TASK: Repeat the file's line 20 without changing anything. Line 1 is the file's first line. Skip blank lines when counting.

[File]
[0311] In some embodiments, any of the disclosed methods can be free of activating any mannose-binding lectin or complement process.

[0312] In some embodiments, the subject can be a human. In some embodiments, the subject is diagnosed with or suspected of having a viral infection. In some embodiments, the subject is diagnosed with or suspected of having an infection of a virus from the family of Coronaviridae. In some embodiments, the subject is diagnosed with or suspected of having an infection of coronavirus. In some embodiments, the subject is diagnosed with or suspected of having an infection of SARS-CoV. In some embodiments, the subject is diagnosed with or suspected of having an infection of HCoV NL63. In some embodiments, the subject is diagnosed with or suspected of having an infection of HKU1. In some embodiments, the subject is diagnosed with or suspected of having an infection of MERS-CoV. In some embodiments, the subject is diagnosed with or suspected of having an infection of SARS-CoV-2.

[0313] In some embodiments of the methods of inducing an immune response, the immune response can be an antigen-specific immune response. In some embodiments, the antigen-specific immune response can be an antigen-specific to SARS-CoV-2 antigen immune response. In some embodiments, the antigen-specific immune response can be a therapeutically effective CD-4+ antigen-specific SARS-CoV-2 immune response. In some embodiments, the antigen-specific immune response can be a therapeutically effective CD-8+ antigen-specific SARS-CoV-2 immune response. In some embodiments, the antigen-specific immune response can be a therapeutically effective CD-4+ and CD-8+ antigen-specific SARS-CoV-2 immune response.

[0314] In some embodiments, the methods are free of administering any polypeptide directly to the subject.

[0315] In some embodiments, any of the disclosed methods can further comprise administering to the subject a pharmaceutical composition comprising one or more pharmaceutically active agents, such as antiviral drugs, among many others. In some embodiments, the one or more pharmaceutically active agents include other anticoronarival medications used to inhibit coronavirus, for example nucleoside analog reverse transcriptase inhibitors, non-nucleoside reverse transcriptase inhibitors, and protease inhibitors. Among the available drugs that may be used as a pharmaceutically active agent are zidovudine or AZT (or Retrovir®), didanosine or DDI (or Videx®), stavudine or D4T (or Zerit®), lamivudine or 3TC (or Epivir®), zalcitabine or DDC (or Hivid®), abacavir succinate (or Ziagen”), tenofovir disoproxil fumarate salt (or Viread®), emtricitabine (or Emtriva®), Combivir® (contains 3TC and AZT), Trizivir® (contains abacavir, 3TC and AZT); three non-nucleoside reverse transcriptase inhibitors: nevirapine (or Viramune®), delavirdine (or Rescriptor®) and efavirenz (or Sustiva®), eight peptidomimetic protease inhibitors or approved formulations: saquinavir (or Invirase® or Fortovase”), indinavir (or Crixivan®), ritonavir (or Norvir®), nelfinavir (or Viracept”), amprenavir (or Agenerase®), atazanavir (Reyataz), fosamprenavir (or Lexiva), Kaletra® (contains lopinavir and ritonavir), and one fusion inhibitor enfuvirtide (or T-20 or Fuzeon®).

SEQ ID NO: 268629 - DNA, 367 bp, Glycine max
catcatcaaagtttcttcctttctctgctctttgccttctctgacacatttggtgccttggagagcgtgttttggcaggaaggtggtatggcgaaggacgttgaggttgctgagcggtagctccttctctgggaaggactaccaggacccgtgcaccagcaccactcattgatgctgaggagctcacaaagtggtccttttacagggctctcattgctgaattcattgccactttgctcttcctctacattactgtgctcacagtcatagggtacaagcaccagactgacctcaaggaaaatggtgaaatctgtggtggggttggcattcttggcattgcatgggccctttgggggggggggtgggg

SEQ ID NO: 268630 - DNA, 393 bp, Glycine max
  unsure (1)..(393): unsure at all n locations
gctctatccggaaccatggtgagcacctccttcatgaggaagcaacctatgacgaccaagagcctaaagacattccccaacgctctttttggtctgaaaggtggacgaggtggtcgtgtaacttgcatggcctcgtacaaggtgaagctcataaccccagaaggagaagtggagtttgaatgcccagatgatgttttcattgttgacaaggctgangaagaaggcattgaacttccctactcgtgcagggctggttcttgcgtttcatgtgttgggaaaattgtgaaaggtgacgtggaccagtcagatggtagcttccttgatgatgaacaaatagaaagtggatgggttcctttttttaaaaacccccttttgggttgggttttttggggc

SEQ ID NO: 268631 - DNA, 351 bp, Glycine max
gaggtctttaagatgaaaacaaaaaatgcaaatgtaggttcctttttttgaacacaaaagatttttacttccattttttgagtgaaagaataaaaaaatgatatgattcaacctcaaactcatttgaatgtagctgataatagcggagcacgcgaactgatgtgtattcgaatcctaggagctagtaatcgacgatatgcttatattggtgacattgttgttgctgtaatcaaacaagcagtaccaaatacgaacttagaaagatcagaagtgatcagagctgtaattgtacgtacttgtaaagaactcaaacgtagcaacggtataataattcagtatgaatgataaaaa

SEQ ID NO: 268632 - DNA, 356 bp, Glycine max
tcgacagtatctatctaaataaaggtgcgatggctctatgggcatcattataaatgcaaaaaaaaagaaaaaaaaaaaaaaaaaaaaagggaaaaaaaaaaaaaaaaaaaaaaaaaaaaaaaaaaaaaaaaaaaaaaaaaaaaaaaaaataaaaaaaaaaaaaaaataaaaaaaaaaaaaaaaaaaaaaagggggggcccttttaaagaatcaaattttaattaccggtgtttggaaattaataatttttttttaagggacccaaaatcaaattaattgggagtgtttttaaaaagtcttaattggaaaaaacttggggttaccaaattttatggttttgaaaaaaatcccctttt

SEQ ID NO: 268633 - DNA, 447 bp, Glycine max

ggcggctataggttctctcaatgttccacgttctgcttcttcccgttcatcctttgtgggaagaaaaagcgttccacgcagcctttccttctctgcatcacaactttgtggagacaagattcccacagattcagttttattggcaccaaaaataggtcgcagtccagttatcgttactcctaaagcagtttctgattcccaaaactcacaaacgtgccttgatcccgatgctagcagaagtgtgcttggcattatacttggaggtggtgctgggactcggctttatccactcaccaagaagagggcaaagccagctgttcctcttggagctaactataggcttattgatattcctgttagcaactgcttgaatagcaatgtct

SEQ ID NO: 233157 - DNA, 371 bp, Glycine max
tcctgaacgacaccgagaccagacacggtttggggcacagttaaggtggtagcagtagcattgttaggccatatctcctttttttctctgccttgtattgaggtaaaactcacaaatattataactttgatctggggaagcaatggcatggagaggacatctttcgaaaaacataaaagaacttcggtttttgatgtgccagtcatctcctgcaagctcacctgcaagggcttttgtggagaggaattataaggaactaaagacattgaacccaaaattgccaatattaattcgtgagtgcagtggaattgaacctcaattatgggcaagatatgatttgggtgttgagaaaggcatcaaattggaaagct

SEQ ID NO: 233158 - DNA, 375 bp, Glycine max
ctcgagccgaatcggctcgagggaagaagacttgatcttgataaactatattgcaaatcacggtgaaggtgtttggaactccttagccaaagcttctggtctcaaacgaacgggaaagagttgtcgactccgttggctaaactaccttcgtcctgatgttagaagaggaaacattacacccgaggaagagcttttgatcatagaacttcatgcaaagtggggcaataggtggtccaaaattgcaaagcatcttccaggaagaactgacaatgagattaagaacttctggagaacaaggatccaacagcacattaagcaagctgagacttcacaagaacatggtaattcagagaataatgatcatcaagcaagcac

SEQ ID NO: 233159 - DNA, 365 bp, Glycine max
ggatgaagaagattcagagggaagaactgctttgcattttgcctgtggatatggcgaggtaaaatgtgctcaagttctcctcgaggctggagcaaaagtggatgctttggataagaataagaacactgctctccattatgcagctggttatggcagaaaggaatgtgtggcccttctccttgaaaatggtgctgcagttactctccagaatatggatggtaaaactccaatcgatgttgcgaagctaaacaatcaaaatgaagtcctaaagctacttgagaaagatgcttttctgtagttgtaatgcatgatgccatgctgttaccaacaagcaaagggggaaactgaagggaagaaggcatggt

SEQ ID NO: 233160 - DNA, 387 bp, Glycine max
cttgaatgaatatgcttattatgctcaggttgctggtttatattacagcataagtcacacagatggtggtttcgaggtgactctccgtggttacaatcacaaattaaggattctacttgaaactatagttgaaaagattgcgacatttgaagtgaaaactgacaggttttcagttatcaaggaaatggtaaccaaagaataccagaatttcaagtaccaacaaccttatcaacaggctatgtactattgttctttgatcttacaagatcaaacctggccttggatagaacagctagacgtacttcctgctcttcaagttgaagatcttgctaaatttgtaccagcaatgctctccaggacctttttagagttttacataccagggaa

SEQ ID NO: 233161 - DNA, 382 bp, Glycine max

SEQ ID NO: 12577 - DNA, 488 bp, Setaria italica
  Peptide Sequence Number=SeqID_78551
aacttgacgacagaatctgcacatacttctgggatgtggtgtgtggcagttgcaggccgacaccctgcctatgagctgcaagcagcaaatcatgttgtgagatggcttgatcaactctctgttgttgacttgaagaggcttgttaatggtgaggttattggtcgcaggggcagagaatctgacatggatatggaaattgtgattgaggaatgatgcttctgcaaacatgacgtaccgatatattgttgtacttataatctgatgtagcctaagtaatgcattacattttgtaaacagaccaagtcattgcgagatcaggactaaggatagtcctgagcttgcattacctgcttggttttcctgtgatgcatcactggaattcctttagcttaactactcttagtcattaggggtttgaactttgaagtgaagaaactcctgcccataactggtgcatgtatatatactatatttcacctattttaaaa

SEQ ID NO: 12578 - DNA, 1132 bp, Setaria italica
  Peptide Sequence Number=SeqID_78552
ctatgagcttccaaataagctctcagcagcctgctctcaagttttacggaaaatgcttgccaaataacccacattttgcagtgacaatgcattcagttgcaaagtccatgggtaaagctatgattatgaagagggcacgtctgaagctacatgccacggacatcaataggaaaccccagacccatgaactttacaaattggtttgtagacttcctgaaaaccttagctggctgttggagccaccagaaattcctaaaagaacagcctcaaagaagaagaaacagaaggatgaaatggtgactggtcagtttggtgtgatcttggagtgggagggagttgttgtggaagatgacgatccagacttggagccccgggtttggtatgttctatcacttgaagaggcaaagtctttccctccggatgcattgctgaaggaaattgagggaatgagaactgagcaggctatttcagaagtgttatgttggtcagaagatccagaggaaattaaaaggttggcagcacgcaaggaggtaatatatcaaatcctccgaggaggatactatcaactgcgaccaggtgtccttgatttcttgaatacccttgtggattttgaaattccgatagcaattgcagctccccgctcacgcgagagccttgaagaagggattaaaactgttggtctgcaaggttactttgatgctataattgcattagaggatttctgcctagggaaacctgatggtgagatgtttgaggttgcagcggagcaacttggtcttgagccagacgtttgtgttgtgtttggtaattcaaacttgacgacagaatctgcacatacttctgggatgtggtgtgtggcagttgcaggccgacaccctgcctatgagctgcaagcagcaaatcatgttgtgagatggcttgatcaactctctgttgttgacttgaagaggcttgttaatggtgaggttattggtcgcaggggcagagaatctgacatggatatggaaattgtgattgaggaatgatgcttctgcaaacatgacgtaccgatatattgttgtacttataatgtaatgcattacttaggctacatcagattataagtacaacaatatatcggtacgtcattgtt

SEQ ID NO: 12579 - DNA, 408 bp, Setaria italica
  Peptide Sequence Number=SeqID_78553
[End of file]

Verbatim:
ctcgagccgaatcggctcgagggaagaagacttgatcttgataaactatattgcaaatcacggtgaaggtgtttggaactccttagccaaagcttctggtctcaaacgaacgggaaagagttgtcgactccgttggctaaactaccttcgtcctgatgttagaagaggaaacattacacccgaggaagagcttttgatcatagaacttcatgcaaagtggggcaataggtggtccaaaattgcaaagcatcttccaggaagaactgacaatgagattaagaacttctggagaacaaggatccaacagcacattaagcaagctgagacttcacaagaacatggtaattcagagaataatgatcatcaagcaagcac